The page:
“We appreciate the contribution of foreign nationals in South Africa. They contribute to our economic development by investing in the economy, bringing critical skills and through adding to the diversity that we pride ourselves in,” Zuma wrote.
“But there are also some complaints or problems that citizens have raised which need to be addressed. These include the increasing number of illegal and undocumented immigrants in the country, the displacement of many local small traders by foreign nationals and that some of the migrant traders operate illegally.”
In his open letter to Zuma, published this week, Couto called for “tough and immediate measures” to stop the attacks on foreigners in South Africa, and reminded Zuma of his days as a political refugee in Mozambique.
“Often I imagined the fears that you must have felt, as a person persecuted by the apartheid regime. I imagined the nightmares you must have experienced at night when you thought of the ambushes plotted against you and against your comrades in the Struggle,” Couto said.
“But I don’t remember ever seeing you with a bodyguard. In fact, it was we Mozambicans who acted as your bodyguards. For years we gave you more than a refuge. We offered you a house and we gave you security at the cost of our security. You cannot possibly have forgotten this generosity.”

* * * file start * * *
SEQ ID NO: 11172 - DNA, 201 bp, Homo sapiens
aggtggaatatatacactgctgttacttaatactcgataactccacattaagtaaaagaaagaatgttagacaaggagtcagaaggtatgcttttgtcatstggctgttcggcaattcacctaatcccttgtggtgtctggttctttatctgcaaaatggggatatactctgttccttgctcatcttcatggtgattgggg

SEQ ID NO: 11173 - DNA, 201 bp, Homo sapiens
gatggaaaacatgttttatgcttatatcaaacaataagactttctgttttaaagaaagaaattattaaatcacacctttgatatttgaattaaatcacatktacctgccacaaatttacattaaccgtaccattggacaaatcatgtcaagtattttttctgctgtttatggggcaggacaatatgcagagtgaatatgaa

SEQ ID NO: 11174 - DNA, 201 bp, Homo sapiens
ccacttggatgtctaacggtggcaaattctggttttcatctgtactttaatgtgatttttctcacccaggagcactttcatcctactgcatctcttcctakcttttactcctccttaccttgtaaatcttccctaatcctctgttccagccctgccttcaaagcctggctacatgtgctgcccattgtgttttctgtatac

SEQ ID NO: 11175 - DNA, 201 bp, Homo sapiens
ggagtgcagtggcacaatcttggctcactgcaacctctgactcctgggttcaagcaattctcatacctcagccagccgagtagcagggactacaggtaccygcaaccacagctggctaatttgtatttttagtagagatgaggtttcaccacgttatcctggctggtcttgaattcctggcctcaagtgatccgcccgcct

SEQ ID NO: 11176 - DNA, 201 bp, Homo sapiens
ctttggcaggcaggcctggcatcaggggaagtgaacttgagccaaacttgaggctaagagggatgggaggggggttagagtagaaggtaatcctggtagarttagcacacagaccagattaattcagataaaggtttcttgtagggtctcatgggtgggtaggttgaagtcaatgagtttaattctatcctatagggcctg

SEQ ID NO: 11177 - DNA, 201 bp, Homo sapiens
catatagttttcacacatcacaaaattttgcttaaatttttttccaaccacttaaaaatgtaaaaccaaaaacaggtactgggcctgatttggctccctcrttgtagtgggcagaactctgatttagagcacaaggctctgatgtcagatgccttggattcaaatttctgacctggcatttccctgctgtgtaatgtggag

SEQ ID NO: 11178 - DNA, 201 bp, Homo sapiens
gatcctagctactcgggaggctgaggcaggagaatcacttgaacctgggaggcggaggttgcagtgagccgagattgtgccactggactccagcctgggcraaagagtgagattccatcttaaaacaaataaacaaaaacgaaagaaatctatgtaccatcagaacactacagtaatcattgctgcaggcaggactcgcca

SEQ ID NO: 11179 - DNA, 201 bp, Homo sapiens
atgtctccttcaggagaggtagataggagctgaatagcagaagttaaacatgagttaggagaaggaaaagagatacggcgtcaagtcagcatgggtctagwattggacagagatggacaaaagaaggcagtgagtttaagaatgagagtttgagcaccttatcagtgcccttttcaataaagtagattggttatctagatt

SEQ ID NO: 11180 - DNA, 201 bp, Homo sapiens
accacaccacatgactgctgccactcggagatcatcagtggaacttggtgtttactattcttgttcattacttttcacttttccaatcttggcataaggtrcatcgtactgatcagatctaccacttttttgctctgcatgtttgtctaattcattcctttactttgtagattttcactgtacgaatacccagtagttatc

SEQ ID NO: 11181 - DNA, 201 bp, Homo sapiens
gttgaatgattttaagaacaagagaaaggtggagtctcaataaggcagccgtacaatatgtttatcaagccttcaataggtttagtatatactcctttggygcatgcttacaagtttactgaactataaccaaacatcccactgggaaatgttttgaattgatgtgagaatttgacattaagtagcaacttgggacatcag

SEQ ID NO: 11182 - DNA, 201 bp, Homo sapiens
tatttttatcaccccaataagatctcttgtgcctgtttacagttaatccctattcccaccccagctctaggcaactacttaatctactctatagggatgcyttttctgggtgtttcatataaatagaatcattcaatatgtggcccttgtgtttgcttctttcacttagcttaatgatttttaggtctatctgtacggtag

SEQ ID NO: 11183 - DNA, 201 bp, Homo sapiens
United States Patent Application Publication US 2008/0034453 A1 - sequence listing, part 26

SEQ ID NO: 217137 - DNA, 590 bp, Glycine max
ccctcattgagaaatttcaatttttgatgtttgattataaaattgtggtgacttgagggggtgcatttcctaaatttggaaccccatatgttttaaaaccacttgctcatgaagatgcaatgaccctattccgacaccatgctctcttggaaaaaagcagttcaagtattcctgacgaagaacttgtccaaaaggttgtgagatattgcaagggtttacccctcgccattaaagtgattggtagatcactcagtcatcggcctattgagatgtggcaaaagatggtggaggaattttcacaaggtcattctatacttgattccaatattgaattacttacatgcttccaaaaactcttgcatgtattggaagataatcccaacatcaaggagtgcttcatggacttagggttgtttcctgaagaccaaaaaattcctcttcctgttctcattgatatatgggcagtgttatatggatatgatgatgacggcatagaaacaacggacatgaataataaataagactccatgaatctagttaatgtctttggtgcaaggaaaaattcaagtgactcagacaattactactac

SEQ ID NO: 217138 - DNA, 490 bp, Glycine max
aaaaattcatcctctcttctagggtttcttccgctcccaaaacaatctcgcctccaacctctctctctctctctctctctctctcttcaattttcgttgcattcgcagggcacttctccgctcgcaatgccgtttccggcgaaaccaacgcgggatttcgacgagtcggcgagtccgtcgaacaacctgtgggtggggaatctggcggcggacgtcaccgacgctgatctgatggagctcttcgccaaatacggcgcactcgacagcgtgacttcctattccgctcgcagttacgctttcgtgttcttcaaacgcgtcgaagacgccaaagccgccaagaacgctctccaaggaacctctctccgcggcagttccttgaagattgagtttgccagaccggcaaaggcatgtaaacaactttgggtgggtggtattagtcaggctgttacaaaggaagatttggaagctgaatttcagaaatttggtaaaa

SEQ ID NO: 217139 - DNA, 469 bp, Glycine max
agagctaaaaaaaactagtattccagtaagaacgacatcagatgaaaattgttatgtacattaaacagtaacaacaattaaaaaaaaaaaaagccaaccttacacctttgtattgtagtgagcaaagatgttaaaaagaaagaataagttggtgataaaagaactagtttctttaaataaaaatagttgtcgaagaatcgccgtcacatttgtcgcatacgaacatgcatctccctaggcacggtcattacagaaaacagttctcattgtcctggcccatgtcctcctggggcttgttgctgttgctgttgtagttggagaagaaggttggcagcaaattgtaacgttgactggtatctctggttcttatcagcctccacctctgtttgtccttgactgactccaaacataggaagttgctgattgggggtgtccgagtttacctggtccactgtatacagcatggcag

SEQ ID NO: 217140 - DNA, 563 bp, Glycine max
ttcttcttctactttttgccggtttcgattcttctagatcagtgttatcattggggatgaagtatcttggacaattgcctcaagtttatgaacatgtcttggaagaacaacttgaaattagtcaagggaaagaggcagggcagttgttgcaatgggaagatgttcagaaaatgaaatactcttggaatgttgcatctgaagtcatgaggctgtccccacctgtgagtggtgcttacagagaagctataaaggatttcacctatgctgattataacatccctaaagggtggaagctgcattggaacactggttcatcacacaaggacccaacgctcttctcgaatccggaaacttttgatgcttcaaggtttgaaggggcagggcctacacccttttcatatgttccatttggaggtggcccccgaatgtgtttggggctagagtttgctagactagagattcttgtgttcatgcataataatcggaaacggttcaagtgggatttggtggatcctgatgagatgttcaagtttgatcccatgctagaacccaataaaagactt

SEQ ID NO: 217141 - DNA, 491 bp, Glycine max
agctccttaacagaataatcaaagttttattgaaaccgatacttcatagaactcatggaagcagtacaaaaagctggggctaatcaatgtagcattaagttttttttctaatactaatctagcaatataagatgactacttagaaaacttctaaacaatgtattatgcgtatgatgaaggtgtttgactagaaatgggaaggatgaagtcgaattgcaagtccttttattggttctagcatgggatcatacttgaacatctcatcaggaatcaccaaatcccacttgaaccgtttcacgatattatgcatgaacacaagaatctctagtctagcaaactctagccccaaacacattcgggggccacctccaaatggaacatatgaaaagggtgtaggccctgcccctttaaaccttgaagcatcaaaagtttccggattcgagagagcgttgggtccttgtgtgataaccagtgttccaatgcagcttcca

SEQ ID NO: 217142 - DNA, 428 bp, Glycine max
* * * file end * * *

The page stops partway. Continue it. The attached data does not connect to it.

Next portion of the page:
In his response, Zuma aknowleges the contribution made by Mozambicans to the liberation struggle.
“I cannot forget the friendship that Mozambique accorded my comrades and to me personally. In fact Mozambique became my second home and it remains my home,” Zuma said.
“You are in pain as your letter indicates, because of the deaths of Mozambicans and the general attacks on foreign nationals in parts of our country.”
Zuma’s letter came after weeks of attacks on foreign nationals which has left at least seven people dead.
The army was deployed to Alexandra in Johannesburg this week to help curb the attacks.